Review: Disney+’s Gritty ‘golden girls’ Reboot is a Neon-Soaked Nightmare

The ultra-stylized and violent take on the classic sitcom is confusing, uncomfortable, and unnecessary.

Joe Shetina
6 min readMay 27, 2021


The series premieres on the Disney+ platform on June 2

When the new Disney+ series was announced last April, it tantalized viewers with an “edgy” take on the original Susan Harris sitcom featuring four mature women living together under one roof. While many of us thought this just meant even racier conversations about sex and 2021-friendly approaches to topics like queerness and race, few of us could have expected what the team behind golden girls had in mind.

Also, notice the style choice there. I mean all lowercase? Now that’s hip.

Like the original sitcom, golden girls features four mature women living in the same house. The first three episodes of season one follow the ladies as they navigate love, grief, dating, death, and aging in the second act of their lives.

The iconic house has been loving recreated with almost eerie attention to detail, right down to the wicker sofa. Half of the budget appears to have gone toward truckloads of puffy sleeves and shoulder pads.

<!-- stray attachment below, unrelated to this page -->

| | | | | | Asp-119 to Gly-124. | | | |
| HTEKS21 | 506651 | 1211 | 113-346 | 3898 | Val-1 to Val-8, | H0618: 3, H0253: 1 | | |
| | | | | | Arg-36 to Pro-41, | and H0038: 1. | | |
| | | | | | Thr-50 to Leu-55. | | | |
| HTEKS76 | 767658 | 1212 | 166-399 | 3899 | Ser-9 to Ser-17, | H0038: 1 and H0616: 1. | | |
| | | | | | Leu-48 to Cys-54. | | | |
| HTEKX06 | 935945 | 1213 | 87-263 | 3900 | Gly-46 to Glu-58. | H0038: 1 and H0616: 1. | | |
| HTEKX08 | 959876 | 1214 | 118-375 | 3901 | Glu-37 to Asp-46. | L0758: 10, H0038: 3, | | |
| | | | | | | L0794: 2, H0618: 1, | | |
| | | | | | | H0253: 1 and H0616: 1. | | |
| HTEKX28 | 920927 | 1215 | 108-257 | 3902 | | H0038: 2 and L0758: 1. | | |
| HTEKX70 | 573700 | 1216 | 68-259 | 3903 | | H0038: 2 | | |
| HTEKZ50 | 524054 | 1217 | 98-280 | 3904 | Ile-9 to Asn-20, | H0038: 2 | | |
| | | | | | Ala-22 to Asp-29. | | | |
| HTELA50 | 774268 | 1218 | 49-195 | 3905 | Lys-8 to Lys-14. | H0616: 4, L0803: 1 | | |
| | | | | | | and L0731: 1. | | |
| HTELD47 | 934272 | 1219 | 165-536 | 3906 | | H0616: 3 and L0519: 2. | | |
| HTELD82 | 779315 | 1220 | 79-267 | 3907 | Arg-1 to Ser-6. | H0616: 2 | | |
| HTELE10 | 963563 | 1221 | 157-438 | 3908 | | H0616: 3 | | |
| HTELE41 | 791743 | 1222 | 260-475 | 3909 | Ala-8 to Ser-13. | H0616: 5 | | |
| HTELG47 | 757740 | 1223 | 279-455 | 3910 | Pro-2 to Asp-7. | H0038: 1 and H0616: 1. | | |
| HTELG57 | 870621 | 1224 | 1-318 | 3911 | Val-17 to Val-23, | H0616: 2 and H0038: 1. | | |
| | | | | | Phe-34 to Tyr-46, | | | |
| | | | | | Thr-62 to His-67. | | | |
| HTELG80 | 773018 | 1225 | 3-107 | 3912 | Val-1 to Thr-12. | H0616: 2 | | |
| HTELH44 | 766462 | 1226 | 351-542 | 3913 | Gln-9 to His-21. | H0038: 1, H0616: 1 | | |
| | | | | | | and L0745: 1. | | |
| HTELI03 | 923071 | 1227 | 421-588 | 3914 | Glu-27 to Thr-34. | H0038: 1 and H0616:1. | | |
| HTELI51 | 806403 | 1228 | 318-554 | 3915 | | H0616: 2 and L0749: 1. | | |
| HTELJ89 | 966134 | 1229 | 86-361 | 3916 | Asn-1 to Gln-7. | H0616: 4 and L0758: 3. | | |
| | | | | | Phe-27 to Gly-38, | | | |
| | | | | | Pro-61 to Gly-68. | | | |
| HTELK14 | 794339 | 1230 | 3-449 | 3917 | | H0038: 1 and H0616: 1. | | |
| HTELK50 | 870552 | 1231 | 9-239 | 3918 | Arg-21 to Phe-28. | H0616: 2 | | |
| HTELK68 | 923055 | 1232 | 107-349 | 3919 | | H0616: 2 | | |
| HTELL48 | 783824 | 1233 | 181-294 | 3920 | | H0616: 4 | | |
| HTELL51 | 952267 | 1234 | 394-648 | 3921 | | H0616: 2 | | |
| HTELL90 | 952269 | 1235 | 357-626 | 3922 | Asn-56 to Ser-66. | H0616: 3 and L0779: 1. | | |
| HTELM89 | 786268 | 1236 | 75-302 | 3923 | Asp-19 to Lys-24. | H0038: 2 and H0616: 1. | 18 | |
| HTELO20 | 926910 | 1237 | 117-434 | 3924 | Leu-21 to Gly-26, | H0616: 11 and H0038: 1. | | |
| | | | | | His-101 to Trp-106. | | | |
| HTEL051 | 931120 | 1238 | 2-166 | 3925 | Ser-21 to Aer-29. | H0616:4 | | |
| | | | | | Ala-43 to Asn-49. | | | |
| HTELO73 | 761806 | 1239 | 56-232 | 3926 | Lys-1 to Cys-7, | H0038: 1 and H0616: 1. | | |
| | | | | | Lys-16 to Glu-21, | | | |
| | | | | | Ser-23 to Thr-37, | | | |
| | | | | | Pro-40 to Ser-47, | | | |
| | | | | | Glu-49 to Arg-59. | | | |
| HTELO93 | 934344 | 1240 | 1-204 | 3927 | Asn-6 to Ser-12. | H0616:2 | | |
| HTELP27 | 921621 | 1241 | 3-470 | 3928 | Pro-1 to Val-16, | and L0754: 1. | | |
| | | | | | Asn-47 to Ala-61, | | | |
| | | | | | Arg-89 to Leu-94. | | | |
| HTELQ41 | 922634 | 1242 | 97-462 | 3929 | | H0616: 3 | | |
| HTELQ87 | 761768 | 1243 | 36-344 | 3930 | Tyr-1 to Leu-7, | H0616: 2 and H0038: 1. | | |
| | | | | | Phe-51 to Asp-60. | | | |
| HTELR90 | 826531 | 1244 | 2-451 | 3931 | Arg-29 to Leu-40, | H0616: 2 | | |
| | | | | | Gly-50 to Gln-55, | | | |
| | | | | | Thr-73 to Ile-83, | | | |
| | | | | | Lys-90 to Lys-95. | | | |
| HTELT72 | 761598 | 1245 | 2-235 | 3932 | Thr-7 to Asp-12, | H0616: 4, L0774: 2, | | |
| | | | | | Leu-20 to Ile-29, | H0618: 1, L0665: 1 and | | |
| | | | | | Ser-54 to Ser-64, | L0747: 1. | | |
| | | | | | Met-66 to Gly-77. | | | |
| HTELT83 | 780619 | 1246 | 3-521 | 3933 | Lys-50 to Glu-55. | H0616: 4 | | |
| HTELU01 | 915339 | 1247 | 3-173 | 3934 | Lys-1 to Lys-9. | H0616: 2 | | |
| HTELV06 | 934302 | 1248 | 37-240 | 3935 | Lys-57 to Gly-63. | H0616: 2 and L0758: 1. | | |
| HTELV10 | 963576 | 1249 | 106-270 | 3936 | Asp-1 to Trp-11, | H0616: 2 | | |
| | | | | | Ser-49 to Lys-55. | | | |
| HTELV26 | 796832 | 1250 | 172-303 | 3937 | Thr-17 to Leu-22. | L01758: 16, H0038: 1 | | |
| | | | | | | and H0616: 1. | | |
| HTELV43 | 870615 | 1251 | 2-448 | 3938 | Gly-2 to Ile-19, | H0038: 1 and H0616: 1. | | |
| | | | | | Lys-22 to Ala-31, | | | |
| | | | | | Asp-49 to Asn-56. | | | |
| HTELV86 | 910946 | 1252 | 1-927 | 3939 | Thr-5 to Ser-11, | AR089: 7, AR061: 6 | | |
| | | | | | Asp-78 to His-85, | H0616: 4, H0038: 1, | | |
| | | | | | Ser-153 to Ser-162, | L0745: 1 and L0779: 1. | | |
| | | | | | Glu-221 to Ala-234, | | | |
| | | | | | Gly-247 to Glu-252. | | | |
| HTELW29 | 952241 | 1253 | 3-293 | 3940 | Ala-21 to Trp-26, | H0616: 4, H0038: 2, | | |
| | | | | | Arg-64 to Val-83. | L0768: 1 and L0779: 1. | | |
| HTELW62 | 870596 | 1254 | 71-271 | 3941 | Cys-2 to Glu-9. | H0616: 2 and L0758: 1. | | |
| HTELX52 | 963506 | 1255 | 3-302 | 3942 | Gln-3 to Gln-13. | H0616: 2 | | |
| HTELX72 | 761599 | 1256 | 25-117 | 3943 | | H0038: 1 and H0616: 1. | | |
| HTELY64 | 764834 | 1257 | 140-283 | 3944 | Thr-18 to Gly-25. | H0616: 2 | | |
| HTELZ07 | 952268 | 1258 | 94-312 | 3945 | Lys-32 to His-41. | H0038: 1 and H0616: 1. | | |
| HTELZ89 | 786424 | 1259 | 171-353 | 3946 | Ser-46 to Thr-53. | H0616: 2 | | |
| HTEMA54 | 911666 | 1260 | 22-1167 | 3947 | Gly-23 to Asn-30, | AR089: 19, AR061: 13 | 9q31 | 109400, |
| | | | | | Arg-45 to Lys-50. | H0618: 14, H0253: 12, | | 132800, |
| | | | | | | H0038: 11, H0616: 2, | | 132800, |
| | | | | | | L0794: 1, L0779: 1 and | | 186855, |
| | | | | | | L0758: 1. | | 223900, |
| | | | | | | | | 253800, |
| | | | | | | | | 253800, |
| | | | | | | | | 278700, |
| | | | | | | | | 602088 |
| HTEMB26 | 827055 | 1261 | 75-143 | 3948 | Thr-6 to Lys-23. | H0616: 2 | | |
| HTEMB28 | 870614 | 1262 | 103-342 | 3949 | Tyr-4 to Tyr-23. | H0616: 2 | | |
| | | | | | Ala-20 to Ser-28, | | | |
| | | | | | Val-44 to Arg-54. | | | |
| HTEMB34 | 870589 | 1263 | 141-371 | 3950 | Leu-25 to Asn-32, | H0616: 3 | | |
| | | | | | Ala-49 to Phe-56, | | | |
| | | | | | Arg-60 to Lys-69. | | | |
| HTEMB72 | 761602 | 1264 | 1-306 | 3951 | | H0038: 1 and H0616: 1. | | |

Unfortunately, that’s where the similarities end.

Reboots at their best can be a looking-glass experience, approaching an existing fictional universe in a new and innovative way. They can bring new audiences to a story and ask the questions lingering underneath the original.

At their worst, these reboots are more reflective of other media properties, mining relatively less risky or modern stories and twisting their original intentions into a younger, more market-friendly package. From its juvenile twists to its desperation to be “edgy,” golden girls showcases the worst tendencies of the ‘gritty reboot.’ It strips the original series of its best parts and adds nothing of value.

Picture it: Miami 1985. But this is not the light-hearted Miami original Golden Girls creator Susan Harris had in mind. It’s something more akin to mid-80s Michael Mann. The city is hot, desperate, and soaked in neon and sin. Opening with a series of glittering tracking shots of strip clubs, nightclubs, squad cars, sex workers, and drug dealers while a languid, breathy…



Joe Shetina

They/he. Writer of fiction, screenplays, plays, reviews, essays, and poetry. Chicago.


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